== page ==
Episcopate. Elected titular bishop of Caristo, August 12, 1881. Consecrated, August 14, 1881, church of SS. Trinità al Monte Pincio, Rome, by Cardinal Raffaele Monaco La Valletta, vicar general of Rome, assisted by Giulio Lenti, titular archbishop of Side, vice-gerent of Rome, and by Francesco Marinelli, O.S.A., titular bishop of Porfireone, sacristan of His Holiness. In the same ceremony was consecrated Sebastiano Galeati, bishop of Macerata et Tolentino, future cardinal. After the consecration, he returned to Rieti to his posts of vicar general and professor of theology at the seminary. On November 8, 1882, he had to move definitively to Rome to assume the post of canonist of the Apostolic Penitentiary. On April 25, 1883, he was named consultor of the Supreme S.C. of the Inquisition (Holy Office); and its assessor on November 14, 1884. Canon of the chapter of the patriarchal Vatican basilica, January 13, 1885.
Cardinalate. Created cardinal priest in the consistory of February 11, 1889; received the red hat and the title of Ss. Bonifacio ed Alessio, May 27, 1889. Named prefect of the S.C. of Indulgences and Relics on June 22, 1890. During the winter of 1891-1892 his bad health became worse. On July 16, 1892, he received the last sacraments.
Death. July 17 (1), 1892, Borbona, after receiving the extreme unction. Exposed in the parish church of Borbona, where the solemn funeral took place; and buried in a simple tomb in the cemetery of Borbona. On August 22, 1892, in the cathedral of Rieti, Canon Luigi Flavoni delivered the eulogy, which later was printed. On November 24, 1935, his remains were solemnly translated to the church of S. Maria Nuova, now S. Maria Assunta, Borbona. They were placed in an artistic urn (2).
Bibliography. Crispolti, Filippo. Corone e porpore. Ricordi personali. 2d ed. Con 28 illustrazioni fuori testo. Milano : Treves, 1936 (Collezione Storica. Seconda serie), p. 123 ff; De Sanctis, Paolo Biografia del cardinale Giuseppe D'Annibale. Roma : Scuola tipografica salesiana, 1898; "Giuseppe d'Annibale" in "Cardinali Defunti, La Gerarchia Cattolica e la Famiglia Pontificia per l'anno 1903, Città del Vaticano : Tipografia poliglotta vaticana, 1903, p. 191-192; LeBlanc, Jean. Dictionnaire biographique des cardinaux du XIXe siècle : contribution à l'histoire du Sacré Collège sous les pontificats de Pie VII, Léon XII, Pie VIII, Grégoire XVI, Pie IX et Léon XIII, 1800-1903. Montréal : Wilson & Lafleur, 2007. (Collection Gratianus. Série instruments de recherche), p. 283-285; Remigium, and Pirminum Sefrin. Hierarchia Catholica Medii et Recentioris Aevi. Volumen VIII (1846-1903). Patavii : Typis et Sumptibus Domus Editorialis "Il Messaggero di S. Antonio" apud Basilicam S. Antonii, 1979, pp. 34, 47 and 187; Romani, Silvio. "Il card. D'Annibale moralista e giurista del XIX secolo." Rassegna di morale e diritto, I (1935), 456-475.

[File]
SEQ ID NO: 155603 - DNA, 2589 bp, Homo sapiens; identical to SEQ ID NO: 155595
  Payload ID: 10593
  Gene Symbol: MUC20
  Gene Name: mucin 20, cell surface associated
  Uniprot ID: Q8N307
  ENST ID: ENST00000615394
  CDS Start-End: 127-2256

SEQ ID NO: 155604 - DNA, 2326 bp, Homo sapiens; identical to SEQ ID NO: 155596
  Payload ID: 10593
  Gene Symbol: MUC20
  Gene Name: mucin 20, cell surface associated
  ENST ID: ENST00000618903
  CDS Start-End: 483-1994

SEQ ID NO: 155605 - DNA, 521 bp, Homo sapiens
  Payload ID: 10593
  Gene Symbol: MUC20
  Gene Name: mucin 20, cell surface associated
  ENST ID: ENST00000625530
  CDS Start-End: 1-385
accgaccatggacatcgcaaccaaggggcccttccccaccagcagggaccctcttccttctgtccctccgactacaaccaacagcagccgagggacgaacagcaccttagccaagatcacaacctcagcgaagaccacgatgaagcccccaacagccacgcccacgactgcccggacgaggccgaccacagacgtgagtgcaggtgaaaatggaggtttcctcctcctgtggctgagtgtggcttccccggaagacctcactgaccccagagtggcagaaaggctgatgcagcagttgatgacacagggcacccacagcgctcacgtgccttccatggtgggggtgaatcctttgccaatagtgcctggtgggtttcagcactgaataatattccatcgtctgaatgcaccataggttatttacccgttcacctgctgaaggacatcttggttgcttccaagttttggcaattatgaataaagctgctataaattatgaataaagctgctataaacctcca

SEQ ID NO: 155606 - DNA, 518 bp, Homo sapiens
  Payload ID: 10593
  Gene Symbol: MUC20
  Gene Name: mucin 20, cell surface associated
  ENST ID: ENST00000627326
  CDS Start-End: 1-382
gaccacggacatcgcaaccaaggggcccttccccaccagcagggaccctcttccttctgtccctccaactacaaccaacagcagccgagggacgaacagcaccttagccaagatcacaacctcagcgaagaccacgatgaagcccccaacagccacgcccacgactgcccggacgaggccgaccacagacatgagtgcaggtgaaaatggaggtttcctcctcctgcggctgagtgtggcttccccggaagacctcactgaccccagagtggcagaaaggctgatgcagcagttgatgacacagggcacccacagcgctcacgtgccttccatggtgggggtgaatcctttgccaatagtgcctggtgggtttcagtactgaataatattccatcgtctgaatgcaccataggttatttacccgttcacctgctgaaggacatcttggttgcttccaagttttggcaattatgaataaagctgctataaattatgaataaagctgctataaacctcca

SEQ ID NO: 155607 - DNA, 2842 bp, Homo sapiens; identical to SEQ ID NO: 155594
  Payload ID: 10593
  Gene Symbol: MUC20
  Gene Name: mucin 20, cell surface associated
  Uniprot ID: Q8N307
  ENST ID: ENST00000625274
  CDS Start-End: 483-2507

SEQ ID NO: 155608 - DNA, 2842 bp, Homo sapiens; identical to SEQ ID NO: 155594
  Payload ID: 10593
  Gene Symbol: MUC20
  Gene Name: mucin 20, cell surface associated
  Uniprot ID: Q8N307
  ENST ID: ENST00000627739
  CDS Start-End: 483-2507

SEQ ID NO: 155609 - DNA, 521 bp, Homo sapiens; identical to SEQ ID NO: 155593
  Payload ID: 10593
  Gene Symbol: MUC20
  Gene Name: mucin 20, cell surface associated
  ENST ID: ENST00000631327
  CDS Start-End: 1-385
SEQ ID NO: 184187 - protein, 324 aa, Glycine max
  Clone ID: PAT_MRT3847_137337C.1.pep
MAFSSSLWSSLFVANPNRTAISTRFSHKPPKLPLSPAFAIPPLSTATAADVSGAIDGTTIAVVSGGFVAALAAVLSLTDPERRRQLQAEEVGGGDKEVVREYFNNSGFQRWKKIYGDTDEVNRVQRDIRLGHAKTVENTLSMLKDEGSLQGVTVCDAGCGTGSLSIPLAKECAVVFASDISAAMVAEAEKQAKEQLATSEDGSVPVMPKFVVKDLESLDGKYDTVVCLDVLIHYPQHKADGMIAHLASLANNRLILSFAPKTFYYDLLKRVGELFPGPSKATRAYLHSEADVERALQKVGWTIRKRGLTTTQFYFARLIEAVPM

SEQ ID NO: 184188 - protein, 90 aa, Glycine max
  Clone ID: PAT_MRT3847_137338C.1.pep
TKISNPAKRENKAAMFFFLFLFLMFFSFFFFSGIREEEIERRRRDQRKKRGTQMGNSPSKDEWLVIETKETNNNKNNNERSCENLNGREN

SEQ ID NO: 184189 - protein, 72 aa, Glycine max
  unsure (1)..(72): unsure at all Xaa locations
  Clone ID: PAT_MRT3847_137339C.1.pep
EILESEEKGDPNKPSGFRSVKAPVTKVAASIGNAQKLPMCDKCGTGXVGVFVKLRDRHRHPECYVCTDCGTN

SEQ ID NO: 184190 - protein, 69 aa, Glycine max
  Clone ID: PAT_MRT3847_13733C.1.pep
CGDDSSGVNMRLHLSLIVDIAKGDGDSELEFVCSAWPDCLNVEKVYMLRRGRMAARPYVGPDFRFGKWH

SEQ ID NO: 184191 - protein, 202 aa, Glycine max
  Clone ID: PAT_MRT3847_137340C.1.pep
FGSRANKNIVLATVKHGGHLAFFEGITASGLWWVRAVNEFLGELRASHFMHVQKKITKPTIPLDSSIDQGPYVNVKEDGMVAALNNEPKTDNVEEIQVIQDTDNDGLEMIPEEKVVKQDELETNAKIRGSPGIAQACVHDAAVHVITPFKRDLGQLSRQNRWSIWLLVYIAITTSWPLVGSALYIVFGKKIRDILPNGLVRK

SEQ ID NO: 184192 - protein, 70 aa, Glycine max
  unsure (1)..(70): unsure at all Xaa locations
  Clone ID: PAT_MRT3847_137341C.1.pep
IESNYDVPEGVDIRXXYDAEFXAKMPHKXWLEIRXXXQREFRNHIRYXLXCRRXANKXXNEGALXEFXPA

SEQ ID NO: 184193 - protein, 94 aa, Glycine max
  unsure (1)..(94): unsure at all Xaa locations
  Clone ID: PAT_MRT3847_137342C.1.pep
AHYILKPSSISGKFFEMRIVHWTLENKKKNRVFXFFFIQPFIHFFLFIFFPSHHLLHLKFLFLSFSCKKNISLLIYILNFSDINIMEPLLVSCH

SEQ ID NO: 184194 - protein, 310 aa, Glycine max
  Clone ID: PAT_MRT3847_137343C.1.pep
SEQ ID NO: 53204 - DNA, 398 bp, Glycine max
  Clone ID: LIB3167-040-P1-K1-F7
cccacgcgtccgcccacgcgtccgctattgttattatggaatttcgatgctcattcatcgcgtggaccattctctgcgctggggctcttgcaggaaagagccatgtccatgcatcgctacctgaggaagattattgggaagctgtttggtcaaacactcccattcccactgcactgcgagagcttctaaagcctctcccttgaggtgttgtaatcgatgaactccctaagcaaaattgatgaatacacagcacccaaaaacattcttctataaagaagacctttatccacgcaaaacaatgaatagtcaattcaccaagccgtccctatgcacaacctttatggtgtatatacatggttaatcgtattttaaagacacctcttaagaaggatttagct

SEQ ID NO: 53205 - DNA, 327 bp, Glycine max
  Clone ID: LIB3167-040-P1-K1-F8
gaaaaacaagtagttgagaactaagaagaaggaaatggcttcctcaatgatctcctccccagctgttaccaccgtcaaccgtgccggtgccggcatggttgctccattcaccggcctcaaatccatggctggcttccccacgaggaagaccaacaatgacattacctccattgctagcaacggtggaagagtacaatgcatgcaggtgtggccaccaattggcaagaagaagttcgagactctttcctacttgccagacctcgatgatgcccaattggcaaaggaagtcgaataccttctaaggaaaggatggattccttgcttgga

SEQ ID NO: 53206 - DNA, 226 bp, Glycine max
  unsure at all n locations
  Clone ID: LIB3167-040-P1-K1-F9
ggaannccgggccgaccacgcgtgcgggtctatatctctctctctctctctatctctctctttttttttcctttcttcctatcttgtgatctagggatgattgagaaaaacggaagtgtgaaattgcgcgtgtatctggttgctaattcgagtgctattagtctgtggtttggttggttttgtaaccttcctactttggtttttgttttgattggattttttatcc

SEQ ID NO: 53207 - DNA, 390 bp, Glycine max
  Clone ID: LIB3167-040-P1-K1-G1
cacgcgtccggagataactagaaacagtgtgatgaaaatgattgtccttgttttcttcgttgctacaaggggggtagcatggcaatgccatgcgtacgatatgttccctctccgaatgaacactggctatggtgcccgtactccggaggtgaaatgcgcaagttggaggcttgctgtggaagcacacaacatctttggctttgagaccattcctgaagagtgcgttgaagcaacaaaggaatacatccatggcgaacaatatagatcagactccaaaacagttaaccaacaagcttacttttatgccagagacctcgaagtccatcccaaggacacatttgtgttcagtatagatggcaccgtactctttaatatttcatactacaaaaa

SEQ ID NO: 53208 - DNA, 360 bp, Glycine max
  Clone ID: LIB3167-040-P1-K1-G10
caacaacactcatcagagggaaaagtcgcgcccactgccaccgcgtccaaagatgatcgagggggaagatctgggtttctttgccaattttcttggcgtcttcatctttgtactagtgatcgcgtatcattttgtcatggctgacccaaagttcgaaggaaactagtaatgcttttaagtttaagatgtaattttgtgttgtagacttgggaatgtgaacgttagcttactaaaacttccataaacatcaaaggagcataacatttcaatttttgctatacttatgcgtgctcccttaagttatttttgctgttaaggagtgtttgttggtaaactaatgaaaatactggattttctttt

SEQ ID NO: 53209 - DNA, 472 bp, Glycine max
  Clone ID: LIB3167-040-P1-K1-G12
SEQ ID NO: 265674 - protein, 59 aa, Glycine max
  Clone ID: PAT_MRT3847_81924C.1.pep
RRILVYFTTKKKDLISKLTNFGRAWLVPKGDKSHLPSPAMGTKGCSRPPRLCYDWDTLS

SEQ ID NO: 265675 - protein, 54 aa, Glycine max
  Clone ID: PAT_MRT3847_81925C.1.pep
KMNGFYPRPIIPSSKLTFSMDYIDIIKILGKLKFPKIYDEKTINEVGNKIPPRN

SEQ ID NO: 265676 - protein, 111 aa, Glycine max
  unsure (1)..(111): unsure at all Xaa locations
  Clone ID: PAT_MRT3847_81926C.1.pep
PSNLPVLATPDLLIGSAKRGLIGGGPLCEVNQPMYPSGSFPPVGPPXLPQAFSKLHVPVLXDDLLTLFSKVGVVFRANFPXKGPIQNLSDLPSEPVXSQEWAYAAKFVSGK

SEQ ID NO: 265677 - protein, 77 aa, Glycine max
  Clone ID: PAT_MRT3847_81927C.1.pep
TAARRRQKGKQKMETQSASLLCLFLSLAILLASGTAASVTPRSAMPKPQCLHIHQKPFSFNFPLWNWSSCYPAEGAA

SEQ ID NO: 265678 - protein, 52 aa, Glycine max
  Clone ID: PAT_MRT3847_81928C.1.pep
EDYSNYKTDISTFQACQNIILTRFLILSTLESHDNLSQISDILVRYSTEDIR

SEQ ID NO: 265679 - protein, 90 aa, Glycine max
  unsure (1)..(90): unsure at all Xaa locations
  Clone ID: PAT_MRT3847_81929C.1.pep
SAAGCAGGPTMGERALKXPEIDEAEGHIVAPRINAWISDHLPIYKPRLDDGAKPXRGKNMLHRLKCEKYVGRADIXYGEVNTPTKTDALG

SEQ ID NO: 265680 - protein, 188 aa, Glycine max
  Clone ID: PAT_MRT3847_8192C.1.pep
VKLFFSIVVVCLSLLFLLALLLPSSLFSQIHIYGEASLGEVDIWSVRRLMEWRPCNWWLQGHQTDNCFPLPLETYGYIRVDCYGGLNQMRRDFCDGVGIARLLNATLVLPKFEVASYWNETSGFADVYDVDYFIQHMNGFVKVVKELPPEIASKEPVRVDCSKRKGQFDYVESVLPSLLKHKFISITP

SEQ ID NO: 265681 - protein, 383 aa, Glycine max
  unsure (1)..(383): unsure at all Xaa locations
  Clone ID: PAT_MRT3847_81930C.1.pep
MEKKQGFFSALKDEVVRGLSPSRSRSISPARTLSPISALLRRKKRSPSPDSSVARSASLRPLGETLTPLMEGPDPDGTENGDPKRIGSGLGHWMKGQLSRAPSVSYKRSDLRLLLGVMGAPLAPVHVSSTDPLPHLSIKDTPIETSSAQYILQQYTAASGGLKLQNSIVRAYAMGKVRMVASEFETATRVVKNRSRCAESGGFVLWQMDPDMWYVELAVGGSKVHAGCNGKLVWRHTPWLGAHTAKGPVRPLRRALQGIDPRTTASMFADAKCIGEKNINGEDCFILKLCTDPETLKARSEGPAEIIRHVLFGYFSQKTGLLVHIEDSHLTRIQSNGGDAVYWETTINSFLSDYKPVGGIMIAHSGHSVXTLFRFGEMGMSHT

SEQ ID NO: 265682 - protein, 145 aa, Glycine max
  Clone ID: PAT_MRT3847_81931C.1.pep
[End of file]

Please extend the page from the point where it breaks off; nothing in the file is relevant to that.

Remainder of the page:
Webgraphy. Biography by Lilia Massaro, in Italian, Dizionario Biografico degli Italiani - Volume 32 (1986), Treccani; brief biography by John Joseph A'Becket, in English, The Catholic Encyclopedia; his image and arms, Araldica Vaticana.
(1) This is according to Ritzler, Hierarchia Catholica Medii et Recentioris Aevi, VIII, 34; Romani, "Il card. D'Annibale moralista e giurista del XIX secolo." Rassegna di morale e diritto, I, 464; and to his biographies in Italian and English, linked above. La Gerarchia Cattolica e la Famiglia Pontificia per l'anno 1903, p. 192, says that he died on July 18, 1892.
(2) This is the inscription on the urn, kindly provided by Mr. Eman Bonnici, from Malta:
Birth. March 3, 1832, Viterbo. Son of Count Luigi Macchi and Countess Veronica Cenci-Bolognetti. Nephew of Cardinal Vincenzo Macchi (1826).
Education. Studied at La Sapienza University, Rome, where he obtained a doctorate in law.
Priesthood. Ordained, 1859. Privy chamberlain of His Holiness. Domestic prelate and referendary of the Tribunal of the Apostolic Signature of Grace, 1860. Vice-president of the hospice in the Baths of Diocletian, Rome. Judge of the tribunal of the Consulta. Vicar of Cardinal Luigi Amat di San Filippo e Sorso at the church of S. Lorenzo in Damaso. Vicar of Cardinal Costantino Patrizi Naro, archpriest of the patriarchal Lateran basilica. Apostolic visitor to the diocese of Poggio Mirteto. Consultor of the S.C. of the Council. Master of chamber of Pope Pius IX, 1875; confirmed by Pope Leo XIII, March 7, 1878. Majordome and prefect of the Sacred Apostolic Palace, August 15, 1886.
Cardinalate. Created cardinal deacon in the consistory of February 11, 1889; received the red hat and the deaconry of S. Maria in Aquiro, February 14, 1889. Administrator of the Abbey of Subiaco, April 25, 1890. Opted for deaconry of S. Maria in Via Lata, November 30, 1896. Secretary of Apostolic Briefs, December 22, 1896. Cardinal protodeacon, July 11, 1899. Participated in the conclave of 1903, which elected Pope Pius X. Crowned Pope Pius X on August 9, 1903.
Death. March 29 (or 30), 1907, after a twelve hour illness; he celebrated mass the morning before; complained of illness in the afternoon; and died the following day as a result of an apoplectic stroke, in Rome. Exposed in the church of S. Maria in Portico and buried in his family's tomb, Campo Verano cemetery, Rome.
Bibliography. Daniel, Charles; Paul-Marie Baumgarten; Antoine de Waal. Rome; le chef suprême l'organisation et l'administration centrale de l'église. Paris : Plon, 1900, pp. 159-161.
Webgraphy. Biography in English, New Schaff-Herzog Encyclopedia of Religious Knowledge; engraving. photograph and arms, Araldica Vaticana.